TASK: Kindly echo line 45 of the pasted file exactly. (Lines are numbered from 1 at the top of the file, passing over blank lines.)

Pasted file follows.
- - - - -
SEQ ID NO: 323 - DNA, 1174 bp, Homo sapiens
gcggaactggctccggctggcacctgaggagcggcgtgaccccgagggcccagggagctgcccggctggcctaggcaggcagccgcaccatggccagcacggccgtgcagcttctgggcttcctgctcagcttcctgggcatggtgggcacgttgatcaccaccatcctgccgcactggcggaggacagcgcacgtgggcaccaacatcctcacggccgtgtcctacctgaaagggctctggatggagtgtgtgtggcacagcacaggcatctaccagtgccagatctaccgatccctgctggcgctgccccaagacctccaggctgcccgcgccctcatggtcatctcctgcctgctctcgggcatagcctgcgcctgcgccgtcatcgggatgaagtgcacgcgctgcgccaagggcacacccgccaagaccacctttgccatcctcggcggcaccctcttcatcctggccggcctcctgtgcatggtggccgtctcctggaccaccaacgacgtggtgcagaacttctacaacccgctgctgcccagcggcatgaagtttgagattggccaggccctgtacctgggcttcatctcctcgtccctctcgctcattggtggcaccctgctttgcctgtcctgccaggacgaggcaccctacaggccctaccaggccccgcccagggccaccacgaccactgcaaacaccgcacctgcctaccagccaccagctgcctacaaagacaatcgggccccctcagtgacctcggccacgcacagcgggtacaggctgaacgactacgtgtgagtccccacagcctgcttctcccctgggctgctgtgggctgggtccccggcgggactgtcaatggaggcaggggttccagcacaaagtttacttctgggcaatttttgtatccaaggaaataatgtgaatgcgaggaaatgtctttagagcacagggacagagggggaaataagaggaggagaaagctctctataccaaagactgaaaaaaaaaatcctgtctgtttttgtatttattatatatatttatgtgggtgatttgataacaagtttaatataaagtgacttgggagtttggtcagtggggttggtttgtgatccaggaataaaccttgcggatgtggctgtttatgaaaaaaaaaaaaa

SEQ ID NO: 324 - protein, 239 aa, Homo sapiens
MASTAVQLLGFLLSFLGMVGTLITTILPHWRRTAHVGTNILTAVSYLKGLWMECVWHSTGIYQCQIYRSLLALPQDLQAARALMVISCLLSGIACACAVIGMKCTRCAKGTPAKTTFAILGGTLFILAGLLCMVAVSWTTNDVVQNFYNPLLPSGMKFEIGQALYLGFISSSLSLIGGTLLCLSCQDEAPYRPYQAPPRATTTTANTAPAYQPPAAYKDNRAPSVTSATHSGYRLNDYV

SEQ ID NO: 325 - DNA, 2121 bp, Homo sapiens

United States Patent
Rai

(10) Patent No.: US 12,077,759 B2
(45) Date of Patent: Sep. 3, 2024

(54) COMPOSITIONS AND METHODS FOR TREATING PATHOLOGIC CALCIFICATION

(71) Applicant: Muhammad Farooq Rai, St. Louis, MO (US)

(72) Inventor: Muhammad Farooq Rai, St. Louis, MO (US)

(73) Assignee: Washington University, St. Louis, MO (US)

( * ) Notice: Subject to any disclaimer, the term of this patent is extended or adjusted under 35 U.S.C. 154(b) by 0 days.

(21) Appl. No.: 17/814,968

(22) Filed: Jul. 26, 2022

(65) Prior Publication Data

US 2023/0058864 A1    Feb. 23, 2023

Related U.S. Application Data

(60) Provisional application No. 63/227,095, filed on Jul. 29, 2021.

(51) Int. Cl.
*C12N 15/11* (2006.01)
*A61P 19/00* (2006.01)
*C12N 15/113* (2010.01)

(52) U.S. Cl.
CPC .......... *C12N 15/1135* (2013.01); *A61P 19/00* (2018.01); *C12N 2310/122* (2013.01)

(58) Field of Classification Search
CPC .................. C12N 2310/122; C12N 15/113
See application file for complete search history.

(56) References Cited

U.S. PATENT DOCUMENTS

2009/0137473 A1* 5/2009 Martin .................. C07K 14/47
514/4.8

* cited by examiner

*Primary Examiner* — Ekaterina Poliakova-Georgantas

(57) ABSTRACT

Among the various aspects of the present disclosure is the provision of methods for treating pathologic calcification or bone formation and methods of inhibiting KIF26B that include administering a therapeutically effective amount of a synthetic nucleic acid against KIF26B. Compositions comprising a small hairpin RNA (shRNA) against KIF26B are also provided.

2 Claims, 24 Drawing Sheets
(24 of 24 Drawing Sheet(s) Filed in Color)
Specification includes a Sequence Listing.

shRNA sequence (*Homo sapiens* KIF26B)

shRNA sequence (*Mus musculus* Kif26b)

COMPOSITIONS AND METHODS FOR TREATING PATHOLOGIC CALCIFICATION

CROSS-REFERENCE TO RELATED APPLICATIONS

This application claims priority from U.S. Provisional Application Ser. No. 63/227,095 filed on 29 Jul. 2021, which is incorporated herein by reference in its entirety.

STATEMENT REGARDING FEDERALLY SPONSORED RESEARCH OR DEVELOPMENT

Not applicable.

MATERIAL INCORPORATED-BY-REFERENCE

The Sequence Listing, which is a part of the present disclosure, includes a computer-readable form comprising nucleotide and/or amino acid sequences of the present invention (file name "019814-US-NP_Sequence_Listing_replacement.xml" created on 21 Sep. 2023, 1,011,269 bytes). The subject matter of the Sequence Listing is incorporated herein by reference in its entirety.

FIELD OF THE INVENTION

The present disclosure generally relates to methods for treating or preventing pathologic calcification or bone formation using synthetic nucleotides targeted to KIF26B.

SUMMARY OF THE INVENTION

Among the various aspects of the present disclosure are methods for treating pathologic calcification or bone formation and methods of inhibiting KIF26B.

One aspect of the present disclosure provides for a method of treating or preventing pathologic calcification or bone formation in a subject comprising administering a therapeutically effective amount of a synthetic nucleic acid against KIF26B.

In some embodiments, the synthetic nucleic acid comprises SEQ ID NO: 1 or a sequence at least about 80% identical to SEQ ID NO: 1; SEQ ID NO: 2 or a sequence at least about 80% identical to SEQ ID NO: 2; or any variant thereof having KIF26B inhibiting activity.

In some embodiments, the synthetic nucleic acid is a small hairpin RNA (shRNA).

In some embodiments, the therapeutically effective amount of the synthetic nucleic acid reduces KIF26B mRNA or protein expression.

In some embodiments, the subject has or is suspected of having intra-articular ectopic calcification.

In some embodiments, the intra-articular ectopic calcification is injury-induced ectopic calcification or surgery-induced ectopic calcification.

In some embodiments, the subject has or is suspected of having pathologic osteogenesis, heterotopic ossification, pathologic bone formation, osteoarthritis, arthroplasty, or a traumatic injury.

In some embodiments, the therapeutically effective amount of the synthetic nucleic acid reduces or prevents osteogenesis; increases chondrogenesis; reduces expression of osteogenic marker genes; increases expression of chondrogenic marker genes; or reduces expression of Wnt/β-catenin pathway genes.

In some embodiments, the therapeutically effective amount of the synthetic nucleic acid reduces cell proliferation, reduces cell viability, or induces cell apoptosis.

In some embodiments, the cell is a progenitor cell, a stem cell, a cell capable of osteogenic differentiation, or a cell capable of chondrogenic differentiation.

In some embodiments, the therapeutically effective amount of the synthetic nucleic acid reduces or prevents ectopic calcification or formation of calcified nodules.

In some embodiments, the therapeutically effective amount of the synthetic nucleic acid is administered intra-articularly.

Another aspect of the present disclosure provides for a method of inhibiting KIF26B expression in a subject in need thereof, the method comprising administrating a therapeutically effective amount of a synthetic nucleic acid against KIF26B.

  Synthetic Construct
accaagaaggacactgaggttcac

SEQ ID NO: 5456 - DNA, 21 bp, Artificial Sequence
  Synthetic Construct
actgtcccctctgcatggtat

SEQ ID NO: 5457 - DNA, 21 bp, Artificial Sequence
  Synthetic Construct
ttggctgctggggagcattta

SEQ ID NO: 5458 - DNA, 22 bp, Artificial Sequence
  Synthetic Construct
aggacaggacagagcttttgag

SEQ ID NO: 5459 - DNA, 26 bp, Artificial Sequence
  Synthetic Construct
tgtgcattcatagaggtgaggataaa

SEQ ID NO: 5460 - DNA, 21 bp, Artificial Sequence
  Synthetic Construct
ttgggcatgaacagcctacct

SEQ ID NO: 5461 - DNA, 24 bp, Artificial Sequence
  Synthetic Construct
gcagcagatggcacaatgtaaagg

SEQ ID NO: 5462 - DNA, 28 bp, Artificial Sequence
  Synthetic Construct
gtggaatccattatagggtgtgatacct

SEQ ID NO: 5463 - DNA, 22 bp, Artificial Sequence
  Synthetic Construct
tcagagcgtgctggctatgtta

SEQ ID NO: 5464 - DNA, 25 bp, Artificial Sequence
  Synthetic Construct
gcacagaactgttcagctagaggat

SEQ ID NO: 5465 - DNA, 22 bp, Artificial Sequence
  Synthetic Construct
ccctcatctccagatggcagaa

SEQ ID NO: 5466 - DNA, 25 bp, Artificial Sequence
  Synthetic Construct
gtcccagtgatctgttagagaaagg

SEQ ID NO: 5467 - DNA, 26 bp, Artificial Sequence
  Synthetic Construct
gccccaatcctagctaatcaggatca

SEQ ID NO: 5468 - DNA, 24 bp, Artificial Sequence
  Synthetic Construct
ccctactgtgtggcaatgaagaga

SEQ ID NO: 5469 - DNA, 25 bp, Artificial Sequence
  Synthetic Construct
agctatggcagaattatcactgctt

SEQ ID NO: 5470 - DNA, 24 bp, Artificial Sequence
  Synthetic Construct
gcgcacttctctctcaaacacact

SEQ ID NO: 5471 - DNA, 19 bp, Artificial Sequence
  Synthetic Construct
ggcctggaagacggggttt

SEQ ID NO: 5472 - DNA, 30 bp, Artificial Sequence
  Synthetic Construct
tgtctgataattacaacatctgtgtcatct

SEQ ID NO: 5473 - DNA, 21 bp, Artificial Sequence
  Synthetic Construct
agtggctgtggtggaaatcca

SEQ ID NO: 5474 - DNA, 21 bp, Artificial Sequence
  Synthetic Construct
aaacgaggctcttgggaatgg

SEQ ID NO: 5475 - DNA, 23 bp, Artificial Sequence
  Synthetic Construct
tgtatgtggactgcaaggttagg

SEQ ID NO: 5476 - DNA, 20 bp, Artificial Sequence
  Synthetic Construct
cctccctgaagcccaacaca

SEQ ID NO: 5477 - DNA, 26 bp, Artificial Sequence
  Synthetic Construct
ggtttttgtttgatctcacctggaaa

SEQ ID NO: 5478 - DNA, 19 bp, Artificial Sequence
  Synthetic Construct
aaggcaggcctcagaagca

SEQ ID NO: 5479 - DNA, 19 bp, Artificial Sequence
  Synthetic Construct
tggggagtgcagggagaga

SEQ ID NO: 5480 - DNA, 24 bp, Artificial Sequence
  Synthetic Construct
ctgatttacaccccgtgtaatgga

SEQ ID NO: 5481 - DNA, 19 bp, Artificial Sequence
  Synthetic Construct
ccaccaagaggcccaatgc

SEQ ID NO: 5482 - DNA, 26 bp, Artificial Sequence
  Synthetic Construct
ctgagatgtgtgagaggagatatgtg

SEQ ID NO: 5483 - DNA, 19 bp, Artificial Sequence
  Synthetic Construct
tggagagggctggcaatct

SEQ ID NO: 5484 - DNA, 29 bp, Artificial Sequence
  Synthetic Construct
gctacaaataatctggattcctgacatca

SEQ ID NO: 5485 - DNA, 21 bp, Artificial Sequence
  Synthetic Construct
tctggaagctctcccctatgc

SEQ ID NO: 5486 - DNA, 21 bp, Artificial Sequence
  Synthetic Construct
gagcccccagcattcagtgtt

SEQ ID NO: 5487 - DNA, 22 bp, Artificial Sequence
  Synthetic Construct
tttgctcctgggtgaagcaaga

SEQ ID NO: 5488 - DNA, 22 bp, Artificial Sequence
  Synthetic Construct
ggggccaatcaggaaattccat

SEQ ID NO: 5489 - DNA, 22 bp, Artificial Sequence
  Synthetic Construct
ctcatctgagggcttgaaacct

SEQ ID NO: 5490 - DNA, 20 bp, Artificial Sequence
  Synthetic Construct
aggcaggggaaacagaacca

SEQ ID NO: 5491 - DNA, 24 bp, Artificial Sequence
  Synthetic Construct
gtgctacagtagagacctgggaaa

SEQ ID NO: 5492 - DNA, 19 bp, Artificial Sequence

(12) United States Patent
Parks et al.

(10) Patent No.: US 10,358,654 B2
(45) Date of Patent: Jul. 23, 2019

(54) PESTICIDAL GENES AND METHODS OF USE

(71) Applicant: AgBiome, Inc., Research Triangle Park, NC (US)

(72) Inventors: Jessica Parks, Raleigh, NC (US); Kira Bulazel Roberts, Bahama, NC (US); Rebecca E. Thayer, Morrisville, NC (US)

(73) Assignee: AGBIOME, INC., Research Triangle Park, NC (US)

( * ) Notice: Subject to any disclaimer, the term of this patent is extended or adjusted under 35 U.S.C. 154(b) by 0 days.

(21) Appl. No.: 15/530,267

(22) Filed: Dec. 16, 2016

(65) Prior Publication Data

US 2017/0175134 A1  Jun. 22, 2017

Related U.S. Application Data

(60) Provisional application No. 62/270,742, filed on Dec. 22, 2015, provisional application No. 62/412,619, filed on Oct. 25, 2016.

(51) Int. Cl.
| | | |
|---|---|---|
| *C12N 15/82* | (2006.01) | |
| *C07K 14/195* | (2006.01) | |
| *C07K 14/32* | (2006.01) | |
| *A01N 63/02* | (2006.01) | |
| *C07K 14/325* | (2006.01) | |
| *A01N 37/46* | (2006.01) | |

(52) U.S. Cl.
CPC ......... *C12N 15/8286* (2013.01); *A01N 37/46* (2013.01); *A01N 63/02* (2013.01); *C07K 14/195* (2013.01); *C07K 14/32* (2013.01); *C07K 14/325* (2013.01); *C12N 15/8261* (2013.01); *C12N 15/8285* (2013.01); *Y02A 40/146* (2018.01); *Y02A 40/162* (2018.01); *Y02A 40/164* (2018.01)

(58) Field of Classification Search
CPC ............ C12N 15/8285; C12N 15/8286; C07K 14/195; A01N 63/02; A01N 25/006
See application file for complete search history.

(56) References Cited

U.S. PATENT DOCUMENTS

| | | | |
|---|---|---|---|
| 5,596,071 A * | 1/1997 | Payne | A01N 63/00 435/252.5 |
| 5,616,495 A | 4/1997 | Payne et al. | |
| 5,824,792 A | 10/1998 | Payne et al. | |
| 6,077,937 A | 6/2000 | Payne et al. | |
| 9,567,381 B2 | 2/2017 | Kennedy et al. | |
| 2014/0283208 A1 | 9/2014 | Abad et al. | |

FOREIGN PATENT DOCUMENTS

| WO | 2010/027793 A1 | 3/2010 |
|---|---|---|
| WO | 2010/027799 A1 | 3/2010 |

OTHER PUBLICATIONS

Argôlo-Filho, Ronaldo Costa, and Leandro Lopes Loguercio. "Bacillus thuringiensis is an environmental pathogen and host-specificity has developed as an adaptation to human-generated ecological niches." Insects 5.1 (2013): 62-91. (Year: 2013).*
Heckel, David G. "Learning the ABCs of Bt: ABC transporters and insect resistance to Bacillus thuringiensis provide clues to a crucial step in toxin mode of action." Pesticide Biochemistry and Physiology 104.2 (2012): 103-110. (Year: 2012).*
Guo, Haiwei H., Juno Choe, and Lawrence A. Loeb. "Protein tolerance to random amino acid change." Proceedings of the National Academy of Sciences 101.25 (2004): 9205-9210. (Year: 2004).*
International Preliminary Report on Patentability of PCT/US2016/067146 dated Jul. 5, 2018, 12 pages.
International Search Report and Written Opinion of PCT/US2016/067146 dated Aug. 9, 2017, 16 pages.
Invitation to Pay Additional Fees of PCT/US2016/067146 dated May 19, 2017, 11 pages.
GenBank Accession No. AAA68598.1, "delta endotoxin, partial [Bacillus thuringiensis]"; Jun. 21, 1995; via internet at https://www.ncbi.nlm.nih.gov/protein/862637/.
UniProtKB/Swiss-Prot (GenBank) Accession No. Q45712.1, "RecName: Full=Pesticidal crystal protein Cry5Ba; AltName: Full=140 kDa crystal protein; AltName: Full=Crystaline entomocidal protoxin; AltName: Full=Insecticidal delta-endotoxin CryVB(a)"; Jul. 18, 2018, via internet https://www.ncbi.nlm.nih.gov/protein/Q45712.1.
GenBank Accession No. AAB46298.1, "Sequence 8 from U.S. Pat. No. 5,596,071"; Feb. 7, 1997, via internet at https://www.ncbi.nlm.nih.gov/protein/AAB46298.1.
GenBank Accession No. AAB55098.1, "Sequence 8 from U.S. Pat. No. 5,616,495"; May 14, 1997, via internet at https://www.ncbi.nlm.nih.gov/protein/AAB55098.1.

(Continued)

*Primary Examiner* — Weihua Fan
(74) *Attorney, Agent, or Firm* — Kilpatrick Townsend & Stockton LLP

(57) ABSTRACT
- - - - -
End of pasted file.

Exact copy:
This application claims priority from U.S. Provisional Application Ser. No. 63/227,095 filed on 29 Jul. 2021, which is incorporated herein by reference in its entirety.